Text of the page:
A microwave applicator 4 mm in diameter inducible into myoma without a guiding needle was newly developed. Using the applicator, a feasibility study of ultrasonically guided transcervical microwave myolysis for uterine myomas was performed. After completion of microwave endometrial ablation for menorrhagia, a newly developed microwave applicator with a conic end was transcervically introduced into the uterine cavity and inserted into the myoma tissue assisted by transabdominal ultrasonic guidance. Three patients waiting for microwave endometrial ablation for menorrhagia caused by myomas entered the study. In the 3 patients, the major part consisting of a submucous myoma 5.2 to 10.8 cm in size was necrotized. The myoma shrank by 42 to 78% in the following 3 months. Ultrasonically guided transcervical microwave myolysis using a 4 mm applicator with a conic end is feasible.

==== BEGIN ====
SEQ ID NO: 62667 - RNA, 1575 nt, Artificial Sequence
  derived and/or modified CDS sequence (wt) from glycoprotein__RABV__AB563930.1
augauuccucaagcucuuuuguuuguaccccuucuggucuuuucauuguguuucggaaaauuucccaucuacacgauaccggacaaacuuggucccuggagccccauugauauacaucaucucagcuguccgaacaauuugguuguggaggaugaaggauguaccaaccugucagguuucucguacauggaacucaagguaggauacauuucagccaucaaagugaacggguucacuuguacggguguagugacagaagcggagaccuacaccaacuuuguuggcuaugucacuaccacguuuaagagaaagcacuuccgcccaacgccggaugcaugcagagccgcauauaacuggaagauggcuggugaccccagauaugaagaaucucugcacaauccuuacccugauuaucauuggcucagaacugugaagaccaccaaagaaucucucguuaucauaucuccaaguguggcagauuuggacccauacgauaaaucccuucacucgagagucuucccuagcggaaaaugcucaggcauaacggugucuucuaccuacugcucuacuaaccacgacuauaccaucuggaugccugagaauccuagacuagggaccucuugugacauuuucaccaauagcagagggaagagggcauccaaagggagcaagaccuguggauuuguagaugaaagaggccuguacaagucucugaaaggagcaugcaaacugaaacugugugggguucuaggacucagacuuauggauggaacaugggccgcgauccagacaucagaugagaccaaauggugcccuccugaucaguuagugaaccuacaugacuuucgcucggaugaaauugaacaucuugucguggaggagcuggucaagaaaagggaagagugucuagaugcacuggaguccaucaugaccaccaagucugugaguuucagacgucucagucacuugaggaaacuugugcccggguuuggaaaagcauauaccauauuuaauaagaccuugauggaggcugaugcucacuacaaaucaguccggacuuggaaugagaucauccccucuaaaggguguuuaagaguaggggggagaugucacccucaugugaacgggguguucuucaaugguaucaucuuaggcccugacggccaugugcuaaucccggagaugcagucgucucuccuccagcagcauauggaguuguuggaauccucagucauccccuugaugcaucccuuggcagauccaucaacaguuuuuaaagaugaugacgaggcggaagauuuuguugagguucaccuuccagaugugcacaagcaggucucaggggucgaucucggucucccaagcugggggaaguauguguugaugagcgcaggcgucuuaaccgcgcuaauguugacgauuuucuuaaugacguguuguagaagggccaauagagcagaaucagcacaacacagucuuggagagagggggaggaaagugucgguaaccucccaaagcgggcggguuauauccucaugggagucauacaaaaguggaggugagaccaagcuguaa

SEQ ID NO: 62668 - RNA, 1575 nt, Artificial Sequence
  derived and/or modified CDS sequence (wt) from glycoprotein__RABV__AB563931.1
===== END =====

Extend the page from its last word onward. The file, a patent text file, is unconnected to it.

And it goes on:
Much has been learned about imaging diagnosis of hepatocellular carcinoma (HCC) from imaging and pathological observations specifically through blood flow in the affected area. In ultrasound imaging, Sonazoid®, the perflubutanemicrobubbles, being covered by the health insurance from 2007, made it possible to observe blood flow in real time and in more detail with a minimally invasive approach. It allows repetitive evaluations in the post vascular phase (Kupffer phase). Because the amount of Kupffer cells decrease in developed HCC, differentiation of malignant lesions is enabled by combining the images in the Kupffer phase with vascular architecture. Ultrasound examination provides higher spatial resolution than CT and MRI, also offers superior temporal resolution by adding contrast to it. The diagnostic capability of ultrasound imaging of HCC and its evaluation in our facility will be discussed.